1.08.2012

Furry City: Brown Rabbit In The City

Last January I reviewed Scottish author Natalie Russell's appealing Moon Rabbit about a city rabbit who befriends a country rabbit. In Brown Rabbit in the City it is country rabbit's turn to leave home.
Brown Rabbit hops on a bus to visit his friend, Little Rabbit, in the Big City. Little Rabbit is so excited that she whisks her friend off on a whirlwind tour of all the city has to offer: cafes, art galleries, shopping, night clubs! She fails to notice, however, that all this hustle and bustle has tired her friend out. When Brown Rabbit goes off by himself Little Rabbit realizes that it is her he came to visit, not the city sights. She takes Brown Rabbit to a city park and the two friends bond once again over a guitar and some free-spirited dancing.

Like Moon Rabbit, Brown Rabbit in the City is a visually appealing book. The earthly palette is similar to the first book but with some bolder colors thrown in -- I assume because the city is a bold place to be! The story and message about realizing the value of friendship is right on target without being sappy and both my kids really enjoyed it -- my three year old, especially.

However, I must admit that I am a little disappointed that the excitement of city life had to be thrown under the bus for the sake of this message. Russell's text effectively conveys the anxiety of Brown Rabbit as he is dragged from one experience to another: "Up a tall building (Smile at the camera!)/Down a crowded street (Watch your step!)/ Around an art gallery (No! Don't Touch!)/ And underground to catch a train (Here it comes!)." Of course, it's Little Rabbit who is at fault and not the City itself, per se,  and in the end "the two rabbits strolled slowly through the city .. into a quiet beautiful garden" but I would have loved it if Russell had found a way for Little Rabbit to share all the joys of the city with Brown Rabbit, not just the ones that were similar to his country home.

I realize I am nitpicking and I still highly recommend Brown Rabbit in the City: it's beautiful to look at and the story of friendship is charming.  I'm hoping to see more of Natalie Russell's work in the future.

Want More?
Visit the author's website.
Read a nice, concise review at Waking Brain Cells.

13 comments:

Dorine White said...

Thanks for the critical review.

Loni Edwards said...

This looks like a good book to check out at the library. I will add to my list. I am going to look for the first book Moon Rabbit also. Thanks for being so honest with your review.

Raising a Happy Child said...

Well, the city life is not for everyone. Sounds like an interesting book to check out!

mary kinser said...

Just found your blog through the Comment Challenge. Love it! I appreciate your honesty and critical eye in reviewing.

Margo Dill said...

You make an interesting point about the book's plot and the city life--but it is so true that you can take a rabbit out of the country but you can't take the country out of the rabbit. . .:)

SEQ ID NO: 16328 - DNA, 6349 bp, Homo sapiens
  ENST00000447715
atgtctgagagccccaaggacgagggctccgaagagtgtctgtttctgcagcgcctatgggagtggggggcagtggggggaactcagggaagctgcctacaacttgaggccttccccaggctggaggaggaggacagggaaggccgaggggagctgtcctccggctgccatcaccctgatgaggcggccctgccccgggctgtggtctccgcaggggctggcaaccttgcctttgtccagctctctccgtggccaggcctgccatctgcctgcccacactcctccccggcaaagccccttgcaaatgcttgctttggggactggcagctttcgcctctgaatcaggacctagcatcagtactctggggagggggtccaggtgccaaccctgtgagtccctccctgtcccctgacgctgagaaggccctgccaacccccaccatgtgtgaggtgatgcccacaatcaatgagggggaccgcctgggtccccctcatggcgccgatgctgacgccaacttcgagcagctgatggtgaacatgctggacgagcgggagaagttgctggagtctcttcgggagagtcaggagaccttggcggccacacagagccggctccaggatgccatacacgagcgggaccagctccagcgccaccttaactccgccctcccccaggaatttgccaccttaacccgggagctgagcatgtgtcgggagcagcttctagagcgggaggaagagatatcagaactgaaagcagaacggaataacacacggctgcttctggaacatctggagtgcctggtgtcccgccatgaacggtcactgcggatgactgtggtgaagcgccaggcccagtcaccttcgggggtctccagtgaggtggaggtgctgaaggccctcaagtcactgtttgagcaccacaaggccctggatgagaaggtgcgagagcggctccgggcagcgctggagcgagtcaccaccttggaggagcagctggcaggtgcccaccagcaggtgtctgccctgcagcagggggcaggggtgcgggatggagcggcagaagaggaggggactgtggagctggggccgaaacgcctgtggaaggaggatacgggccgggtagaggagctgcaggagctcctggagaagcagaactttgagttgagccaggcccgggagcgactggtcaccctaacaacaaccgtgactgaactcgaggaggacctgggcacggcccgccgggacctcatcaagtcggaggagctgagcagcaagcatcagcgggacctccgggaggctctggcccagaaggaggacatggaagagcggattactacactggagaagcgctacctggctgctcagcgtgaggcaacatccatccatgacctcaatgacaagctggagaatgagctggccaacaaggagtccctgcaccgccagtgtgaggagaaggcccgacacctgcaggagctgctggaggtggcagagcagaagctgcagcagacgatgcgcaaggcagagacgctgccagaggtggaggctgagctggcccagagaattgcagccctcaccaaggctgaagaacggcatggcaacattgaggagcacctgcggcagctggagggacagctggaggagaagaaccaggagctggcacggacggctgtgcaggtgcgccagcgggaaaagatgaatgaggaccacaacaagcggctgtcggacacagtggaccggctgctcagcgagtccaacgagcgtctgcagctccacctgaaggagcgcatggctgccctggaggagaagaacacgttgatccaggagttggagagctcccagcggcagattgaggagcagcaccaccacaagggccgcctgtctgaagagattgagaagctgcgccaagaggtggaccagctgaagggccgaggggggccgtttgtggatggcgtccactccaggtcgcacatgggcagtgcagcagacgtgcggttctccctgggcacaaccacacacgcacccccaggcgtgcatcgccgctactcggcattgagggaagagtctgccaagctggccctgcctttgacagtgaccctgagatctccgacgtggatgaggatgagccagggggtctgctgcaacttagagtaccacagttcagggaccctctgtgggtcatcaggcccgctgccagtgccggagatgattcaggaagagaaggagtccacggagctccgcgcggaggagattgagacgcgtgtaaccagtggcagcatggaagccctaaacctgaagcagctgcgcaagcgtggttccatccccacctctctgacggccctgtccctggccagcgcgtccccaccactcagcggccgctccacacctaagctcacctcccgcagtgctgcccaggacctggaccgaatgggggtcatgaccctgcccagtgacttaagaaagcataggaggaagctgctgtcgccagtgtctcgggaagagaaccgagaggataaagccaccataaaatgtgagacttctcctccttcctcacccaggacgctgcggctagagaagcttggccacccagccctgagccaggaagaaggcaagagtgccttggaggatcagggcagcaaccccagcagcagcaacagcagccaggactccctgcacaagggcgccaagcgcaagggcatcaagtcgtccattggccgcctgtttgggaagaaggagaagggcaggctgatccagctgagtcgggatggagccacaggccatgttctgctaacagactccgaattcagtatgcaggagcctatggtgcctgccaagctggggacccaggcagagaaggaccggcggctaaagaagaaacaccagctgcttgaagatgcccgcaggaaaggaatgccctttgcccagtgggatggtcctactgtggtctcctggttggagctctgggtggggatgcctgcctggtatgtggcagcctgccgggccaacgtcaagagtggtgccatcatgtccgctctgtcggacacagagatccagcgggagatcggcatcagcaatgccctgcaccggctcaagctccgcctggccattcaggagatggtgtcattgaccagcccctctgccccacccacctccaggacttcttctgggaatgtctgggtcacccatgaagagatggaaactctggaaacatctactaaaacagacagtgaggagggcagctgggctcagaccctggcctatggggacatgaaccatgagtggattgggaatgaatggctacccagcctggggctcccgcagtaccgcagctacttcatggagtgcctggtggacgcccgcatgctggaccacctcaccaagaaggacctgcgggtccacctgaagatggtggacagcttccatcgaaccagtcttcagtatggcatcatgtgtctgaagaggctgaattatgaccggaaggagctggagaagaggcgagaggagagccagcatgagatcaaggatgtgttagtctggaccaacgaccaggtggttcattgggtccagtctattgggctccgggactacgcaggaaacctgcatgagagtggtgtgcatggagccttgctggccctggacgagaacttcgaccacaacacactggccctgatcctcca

Laurisa White Reyes said...

My four-year-old would love it. - LWReyes, author of The Rock of Ivanore (http://1000wrongs.blogspot.com)

Kathy Cannon Wiechman said...

While city life may be fun, perhaps some need to take it more slowly & in small doses. Liked your commentary.
Kathy Cannon Wiechman (Swagger Writers)

Mindy said...

Thanks for this review. I've seen this book at the library, but never picked it up.

Playing by the book said...

It's got me thinking, are there any picture books that take the opposite approach - that leave the countryside and explicitly suggest that the real delights are to be found in cities. I can imagine such an approach might not be as popular, but I also know plenty of people who grew up in the countryside and for whom the city is the place of delight and space.

anniecardi said...

Wonderful review! I know I try to plan out every minute so they're never bored, but so often the best parts of visits are about being with each other--whether you're in the city or the country.

Blessy Mathew said...

I appreciate your honest review, and you've brought up some good points. It's really interesting how writers create characters and place them in an environment other than their own. Readers come to the page with certain expectations of the challenges these characters may face. It's up to the author to make the story fresh and convincing.

MotherReader said...

Ah, you've hit on one of my pet peeves of some city books where it is somehow lesser to the joys of the countryside. But like you say, it is also about paying attention to the needs of others. I'll be looking for the book myself. Thanks for the recommendation.

Camille said...

I appreciate your honest review - it sounds like a fun book and I like the look of the artwork from the cover!

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